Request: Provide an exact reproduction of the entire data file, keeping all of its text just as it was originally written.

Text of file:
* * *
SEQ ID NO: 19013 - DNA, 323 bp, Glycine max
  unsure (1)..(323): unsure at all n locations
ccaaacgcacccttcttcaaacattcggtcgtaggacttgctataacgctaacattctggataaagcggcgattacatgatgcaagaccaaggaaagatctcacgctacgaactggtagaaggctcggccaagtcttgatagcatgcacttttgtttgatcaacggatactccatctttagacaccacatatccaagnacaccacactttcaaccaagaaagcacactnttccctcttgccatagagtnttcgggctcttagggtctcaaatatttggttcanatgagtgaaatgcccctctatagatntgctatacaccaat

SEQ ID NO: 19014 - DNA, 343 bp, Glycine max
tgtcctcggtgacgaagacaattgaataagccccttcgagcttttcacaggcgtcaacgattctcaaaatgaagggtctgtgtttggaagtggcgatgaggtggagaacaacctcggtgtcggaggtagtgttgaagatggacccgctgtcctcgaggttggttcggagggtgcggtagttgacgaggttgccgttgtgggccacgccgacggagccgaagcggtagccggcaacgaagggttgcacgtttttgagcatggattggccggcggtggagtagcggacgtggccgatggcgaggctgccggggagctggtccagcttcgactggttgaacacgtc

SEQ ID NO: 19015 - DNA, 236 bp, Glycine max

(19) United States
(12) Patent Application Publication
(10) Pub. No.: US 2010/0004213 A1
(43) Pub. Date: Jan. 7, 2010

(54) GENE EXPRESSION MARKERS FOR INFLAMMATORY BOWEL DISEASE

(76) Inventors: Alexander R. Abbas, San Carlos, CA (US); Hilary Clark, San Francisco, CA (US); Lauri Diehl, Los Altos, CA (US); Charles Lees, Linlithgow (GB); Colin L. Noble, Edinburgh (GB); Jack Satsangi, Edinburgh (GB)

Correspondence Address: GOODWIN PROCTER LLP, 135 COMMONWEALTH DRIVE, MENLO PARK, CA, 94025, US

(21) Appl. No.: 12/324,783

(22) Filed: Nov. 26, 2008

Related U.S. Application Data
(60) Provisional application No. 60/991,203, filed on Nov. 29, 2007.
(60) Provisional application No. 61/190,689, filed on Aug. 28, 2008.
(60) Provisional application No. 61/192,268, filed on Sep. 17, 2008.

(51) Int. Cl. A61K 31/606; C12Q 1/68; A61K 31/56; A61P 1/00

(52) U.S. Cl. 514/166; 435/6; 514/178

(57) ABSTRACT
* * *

SEQ ID NO: 19013 - DNA, 323 bp, Glycine max
  unsure (1)..(323): unsure at all n locations
ccaaacgcacccttcttcaaacattcggtcgtaggacttgctataacgctaacattctggataaagcggcgattacatgatgcaagaccaaggaaagatctcacgctacgaactggtagaaggctcggccaagtcttgatagcatgcacttttgtttgatcaacggatactccatctttagacaccacatatccaagnacaccacactttcaaccaagaaagcacactnttccctcttgccatagagtnttcgggctcttagggtctcaaatatttggttcanatgagtgaaatgcccctctatagatntgctatacaccaat

SEQ ID NO: 19014 - DNA, 343 bp, Glycine max
tgtcctcggtgacgaagacaattgaataagccccttcgagcttttcacaggcgtcaacgattctcaaaatgaagggtctgtgtttggaagtggcgatgaggtggagaacaacctcggtgtcggaggtagtgttgaagatggacccgctgtcctcgaggttggttcggagggtgcggtagttgacgaggttgccgttgtgggccacgccgacggagccgaagcggtagccggcaacgaagggttgcacgtttttgagcatggattggccggcggtggagtagcggacgtggccgatggcgaggctgccggggagctggtccagcttcgactggttgaacacgtc

SEQ ID NO: 19015 - DNA, 236 bp, Glycine max

(19) United States
(12) Patent Application Publication
(10) Pub. No.: US 2010/0004213 A1
(43) Pub. Date: Jan. 7, 2010

(54) GENE EXPRESSION MARKERS FOR INFLAMMATORY BOWEL DISEASE

(76) Inventors: Alexander R. Abbas, San Carlos, CA (US); Hilary Clark, San Francisco, CA (US); Lauri Diehl, Los Altos, CA (US); Charles Lees, Linlithgow (GB); Colin L. Noble, Edinburgh (GB); Jack Satsangi, Edinburgh (GB)

Correspondence Address: GOODWIN PROCTER LLP, 135 COMMONWEALTH DRIVE, MENLO PARK, CA, 94025, US

(21) Appl. No.: 12/324,783

(22) Filed: Nov. 26, 2008

Related U.S. Application Data
(60) Provisional application No. 60/991,203, filed on Nov. 29, 2007.
(60) Provisional application No. 61/190,689, filed on Aug. 28, 2008.
(60) Provisional application No. 61/192,268, filed on Sep. 17, 2008.

(51) Int. Cl. A61K 31/606; C12Q 1/68; A61K 31/56; A61P 1/00

(52) U.S. Cl. 514/166; 435/6; 514/178

(57) ABSTRACT